A Critical Part of Any Well-Prepared Estate Plan
One of the most critical decisions you will make in developing your estate plan involves making appropriate selections for the various fiduciary roles under your legal documents. In the estate planning context, a “fiduciary” is someone who will serve in a role of authority with regard to you, your assets, or your minor children, such as an Executor, a Trustee, a Guardian and/or Conservator, an Attorney-in-Fact, or a Health Care Agent. A fiduciary will have a lot of power and must be completely trustworthy. When people meet with us to discuss their estate planning for the first time, they often have questions about what the various fiduciary roles entail and who to select for these roles. We have prepared a short article that discusses how to select fiduciaries and the sorts of tasks each type of fiduciary role will handle. Please click here to read the full article.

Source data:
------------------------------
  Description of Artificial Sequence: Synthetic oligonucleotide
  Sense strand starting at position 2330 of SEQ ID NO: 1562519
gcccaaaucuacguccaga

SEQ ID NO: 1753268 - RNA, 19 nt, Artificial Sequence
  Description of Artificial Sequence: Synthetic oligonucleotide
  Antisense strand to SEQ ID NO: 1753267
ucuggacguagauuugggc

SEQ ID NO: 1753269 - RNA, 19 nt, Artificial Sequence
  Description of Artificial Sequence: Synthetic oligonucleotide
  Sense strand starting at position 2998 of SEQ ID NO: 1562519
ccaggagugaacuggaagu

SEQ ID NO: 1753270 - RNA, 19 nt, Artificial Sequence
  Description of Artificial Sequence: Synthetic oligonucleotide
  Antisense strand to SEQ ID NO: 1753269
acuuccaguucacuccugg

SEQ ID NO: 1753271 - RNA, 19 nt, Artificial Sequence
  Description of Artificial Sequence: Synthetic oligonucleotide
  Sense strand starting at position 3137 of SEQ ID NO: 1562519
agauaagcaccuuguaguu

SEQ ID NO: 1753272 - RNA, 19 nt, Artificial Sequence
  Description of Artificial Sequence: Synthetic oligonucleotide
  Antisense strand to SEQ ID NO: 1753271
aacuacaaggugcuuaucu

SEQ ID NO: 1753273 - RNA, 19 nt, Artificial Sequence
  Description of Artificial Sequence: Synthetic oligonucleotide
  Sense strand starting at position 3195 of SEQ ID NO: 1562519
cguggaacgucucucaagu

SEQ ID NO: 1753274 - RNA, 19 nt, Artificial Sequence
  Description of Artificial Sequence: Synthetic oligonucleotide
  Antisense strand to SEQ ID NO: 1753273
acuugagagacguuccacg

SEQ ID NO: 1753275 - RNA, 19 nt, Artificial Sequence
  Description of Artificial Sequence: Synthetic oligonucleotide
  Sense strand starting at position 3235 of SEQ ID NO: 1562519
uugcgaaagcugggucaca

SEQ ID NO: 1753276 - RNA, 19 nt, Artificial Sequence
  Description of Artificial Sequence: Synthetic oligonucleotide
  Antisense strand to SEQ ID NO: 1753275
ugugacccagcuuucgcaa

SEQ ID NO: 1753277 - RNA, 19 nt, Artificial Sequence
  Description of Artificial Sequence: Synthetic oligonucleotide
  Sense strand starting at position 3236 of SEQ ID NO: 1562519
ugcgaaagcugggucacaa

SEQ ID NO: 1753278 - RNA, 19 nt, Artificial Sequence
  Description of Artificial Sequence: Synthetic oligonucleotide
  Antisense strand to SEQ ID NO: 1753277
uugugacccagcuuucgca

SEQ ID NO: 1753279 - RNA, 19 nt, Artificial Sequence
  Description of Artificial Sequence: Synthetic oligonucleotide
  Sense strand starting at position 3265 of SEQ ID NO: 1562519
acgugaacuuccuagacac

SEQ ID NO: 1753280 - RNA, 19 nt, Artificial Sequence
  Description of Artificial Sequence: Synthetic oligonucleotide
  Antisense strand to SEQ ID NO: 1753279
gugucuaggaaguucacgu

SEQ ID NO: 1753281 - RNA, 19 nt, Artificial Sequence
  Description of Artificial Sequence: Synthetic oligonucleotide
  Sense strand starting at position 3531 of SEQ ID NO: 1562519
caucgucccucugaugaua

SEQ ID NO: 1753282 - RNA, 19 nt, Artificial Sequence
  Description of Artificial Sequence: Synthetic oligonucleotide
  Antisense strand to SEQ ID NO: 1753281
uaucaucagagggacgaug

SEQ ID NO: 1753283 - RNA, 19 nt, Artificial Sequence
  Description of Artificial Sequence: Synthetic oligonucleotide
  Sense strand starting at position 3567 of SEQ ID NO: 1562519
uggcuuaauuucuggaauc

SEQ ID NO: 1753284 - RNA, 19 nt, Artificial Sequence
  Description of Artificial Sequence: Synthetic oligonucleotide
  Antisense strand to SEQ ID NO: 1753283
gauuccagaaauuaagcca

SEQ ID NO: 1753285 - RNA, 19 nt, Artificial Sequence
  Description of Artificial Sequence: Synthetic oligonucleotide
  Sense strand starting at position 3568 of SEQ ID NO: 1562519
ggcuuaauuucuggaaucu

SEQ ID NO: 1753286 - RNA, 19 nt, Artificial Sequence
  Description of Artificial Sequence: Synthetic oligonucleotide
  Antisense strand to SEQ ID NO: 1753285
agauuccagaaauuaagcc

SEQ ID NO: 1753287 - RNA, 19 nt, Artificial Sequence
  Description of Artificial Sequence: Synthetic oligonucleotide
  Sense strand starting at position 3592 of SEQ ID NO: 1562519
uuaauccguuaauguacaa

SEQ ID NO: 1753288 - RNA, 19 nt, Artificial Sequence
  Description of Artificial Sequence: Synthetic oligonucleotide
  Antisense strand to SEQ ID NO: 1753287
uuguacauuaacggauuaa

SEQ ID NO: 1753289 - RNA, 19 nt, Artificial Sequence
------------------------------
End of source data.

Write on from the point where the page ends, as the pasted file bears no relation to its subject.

Corporate Fiduciaries for Estate & Trusts: Reliability, Prudence, Reasonableness, Protection and Peace of Mind
Choosing the fiduciaries to carry out your estate plan can be the most important decisions you make in structuring your estate plan. Why is this issue so important? We start with the premise that most clients will want to maximize flexibility and minimize costs and hassles unless a reason exists to be more restrictive. With maximum flexibility comes a lot of power and discretion in your fiduciary, be it an Executor, a Trustee, an attorney-in-fact under your Power of Attorney or an agent under your Advance Directive for Health Care. Used properly, this power and discretion enables your fiduciaries to carry out your estate planning intent with the least cost and hassle, but if misused, your fiduciaries can cause significant damage not only to your hard-earned life savings but also to your family as well. An important part of the estate planning process is to counsel our clients in the importance of proper fiduciary selection so their estate plan can be carried out as intended and as smoothly as possible. We discussed this topic in our July 2012 Newsletter, which can be found here.